First Person Podcast Episode 28

“I need more money!”, or The Extended Life of Games

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In this month’s podcast, Pierson, Rob, Betsy and Will discuss the trend towards “games as services” rather than one-off products. They also consider whether there is an increasing tendency towards specialized consumption of specific games. If we are playing a smaller number of games for longer periods of time, are these new developments in game consumption habits? How might changes in making, selling and distributing games be involved in the reasons we are playing specific games longer? Continue Reading

First Person Podcast Episode 27

Dude, Where's My Colony? The Logic of Controlling Space in Games

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Jason Lajoie is a PhD candidate in English Language and Literature at the University of Waterloo. His work explores how gay identities are constructed and negotiated through media and technology, particularly in domains like online gaming and social media. He is… Continue Reading

First Person Podcast Episode 26

I Dream of Daddies: Questioning the Queer Logic of Dream Daddy

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Content Warnings: Discussions of homophobia and assault

In this month’s podcast, we discussed Dream Daddy, an interactive visual novel developed and published in 2017 by Game Grumps that describes itself on its Steam storefront page as “a game where you play as a Dad and your goal is to meet and romance other Hot Dads”. So far, so good. Given the dearth of games catering to explicitly queer players, the FPS staff were naturally thrilled to have such a game and were eager to sit down to discuss it. As a bunch of gay and queer-identifying scholars, some of whom conduct research on queer representations in media objects, we had much to discuss about this game. Continue Reading

First Person Podcast Episode 25: Game(s) of the Year(s)

Another Year, Not Another Award Show.

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In our January 2018 podcast, Betsy, Chris, Will and Justin discuss their picks for games of the year, with a twist: categories ranged from the social (“Fine, stop yelling I’ll play it award”) to the academic (“game that made me rethink my research”). FPS has previously experimented with alternative formats for game of the year awards before, asking podcast participants last year to focus on the games that resonated with them most and to reflect critically on the awards themselves in the year before. Stick around for the end of this year’s podcast, when the FPS crew each discuss their one true game of the year. Continue Reading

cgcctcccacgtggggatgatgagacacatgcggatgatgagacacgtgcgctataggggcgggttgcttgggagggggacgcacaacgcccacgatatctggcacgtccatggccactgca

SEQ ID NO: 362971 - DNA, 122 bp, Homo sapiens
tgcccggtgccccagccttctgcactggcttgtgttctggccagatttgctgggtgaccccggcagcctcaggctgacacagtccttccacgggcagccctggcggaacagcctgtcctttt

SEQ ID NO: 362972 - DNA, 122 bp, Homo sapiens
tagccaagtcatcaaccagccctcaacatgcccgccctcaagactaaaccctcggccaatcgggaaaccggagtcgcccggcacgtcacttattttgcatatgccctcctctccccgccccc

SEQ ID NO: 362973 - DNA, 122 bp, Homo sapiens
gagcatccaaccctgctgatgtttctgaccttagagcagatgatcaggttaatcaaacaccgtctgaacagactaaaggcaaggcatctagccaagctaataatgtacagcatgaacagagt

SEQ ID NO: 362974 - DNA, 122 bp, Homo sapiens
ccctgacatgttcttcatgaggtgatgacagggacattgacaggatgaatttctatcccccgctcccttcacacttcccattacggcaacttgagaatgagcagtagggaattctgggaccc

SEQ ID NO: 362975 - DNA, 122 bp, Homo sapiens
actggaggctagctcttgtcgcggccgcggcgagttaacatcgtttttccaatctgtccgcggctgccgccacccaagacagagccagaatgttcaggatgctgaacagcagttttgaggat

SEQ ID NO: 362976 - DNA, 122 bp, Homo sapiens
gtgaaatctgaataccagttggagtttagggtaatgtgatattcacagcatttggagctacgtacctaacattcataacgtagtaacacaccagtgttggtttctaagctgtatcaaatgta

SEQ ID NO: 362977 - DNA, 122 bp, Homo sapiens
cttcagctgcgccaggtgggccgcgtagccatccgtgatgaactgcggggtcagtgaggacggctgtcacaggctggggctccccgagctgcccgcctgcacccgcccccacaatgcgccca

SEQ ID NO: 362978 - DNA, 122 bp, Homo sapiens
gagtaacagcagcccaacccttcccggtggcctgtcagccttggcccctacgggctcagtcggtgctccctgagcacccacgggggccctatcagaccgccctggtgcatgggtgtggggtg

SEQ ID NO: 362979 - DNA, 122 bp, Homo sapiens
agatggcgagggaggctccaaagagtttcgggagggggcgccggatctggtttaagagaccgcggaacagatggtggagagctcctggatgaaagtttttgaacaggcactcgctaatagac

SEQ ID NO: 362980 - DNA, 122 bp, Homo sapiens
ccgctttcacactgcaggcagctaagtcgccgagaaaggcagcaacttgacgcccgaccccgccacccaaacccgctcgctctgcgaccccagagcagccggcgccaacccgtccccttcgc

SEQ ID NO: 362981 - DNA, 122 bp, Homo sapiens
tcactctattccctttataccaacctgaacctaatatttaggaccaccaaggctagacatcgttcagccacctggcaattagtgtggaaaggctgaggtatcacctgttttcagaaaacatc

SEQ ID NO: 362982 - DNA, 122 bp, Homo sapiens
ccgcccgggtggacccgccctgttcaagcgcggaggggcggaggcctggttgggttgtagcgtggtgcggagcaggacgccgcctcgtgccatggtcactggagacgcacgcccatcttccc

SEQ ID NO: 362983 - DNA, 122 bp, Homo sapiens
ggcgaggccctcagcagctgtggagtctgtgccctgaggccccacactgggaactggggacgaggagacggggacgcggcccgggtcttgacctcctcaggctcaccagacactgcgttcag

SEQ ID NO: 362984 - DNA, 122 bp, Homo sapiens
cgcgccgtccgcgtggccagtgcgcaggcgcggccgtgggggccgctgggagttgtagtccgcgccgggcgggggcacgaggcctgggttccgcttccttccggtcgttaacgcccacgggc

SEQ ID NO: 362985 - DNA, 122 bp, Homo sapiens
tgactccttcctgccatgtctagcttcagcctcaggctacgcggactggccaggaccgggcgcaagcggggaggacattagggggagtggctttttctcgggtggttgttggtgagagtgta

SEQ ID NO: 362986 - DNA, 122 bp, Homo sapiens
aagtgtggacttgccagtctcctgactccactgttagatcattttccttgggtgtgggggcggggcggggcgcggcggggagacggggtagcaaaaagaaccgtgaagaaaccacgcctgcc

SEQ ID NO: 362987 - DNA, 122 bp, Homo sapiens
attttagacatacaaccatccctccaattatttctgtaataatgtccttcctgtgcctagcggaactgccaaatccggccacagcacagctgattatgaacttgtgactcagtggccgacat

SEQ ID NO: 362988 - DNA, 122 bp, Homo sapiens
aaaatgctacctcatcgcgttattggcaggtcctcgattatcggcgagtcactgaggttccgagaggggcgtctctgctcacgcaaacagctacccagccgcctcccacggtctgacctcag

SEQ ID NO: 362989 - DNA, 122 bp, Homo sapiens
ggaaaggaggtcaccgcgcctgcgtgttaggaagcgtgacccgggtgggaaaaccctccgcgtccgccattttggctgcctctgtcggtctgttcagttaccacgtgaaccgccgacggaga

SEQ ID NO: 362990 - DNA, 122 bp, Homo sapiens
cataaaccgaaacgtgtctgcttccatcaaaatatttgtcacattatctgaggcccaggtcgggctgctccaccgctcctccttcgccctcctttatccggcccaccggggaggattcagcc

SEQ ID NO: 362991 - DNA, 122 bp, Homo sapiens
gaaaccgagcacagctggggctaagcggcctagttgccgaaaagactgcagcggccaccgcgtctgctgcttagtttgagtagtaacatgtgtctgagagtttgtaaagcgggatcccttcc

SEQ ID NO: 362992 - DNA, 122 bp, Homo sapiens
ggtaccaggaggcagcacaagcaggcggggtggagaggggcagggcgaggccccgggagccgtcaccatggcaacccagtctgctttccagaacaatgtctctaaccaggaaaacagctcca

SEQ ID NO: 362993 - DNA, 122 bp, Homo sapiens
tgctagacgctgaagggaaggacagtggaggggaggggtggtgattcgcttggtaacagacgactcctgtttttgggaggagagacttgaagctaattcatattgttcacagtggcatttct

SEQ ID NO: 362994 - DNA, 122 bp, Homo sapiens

First Person Podcast Episode 24

The Paratextual Mysteries of Arkane Studios: A Conversation with Hazel Monforton

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The topic of this month’s podcast was ostensibly about Arkane studios’ third installment in the Dishonored franchise: Death of the Outsider, and writer Hazel Monforton’s contributions to the development of the game’s narrative. However, it was in many ways a metadiscussion about the game and the worlds games inspire. The conversation grappled with the questions of how and why games move us. Continue Reading

First Person Podcast Episode 23

Surveilling Stealth Action Games

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What makes a stealth action game? Among the titles discussed in this podcast, including (and predominantly) the Metal Gear Solid series, Assassin’s Creed, Hitman, Splinter Cell, Batman: Arkham Asylum and, to some extent, Horizon Zero Dawn, a distinction was placed between stealth as a procedural mechanic baked into all aspects of the game design and stealth as an additional option afforded to players. Continue Reading

First Person Podcast Episode 22

Do Not Adjust Your Scare Goggles: VR Horror and Horrific VR

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“Is 2016 The Year of Virtual Reality?” Chris Morris asked in 2015 in an article for Fortune. In June of this year, Brian Crecente writing for Polygon magazine declared 2016 “both the peak and turning point of virtual reality”. The sense that the crest of VR’s popularity may have already peaked was the idea behind this month’s podcast, in which our participants Betsy Brey, Rob Parker and Justin Carpenter revisit the question with only a slight revision: was 2016 the year of VR? Continue Reading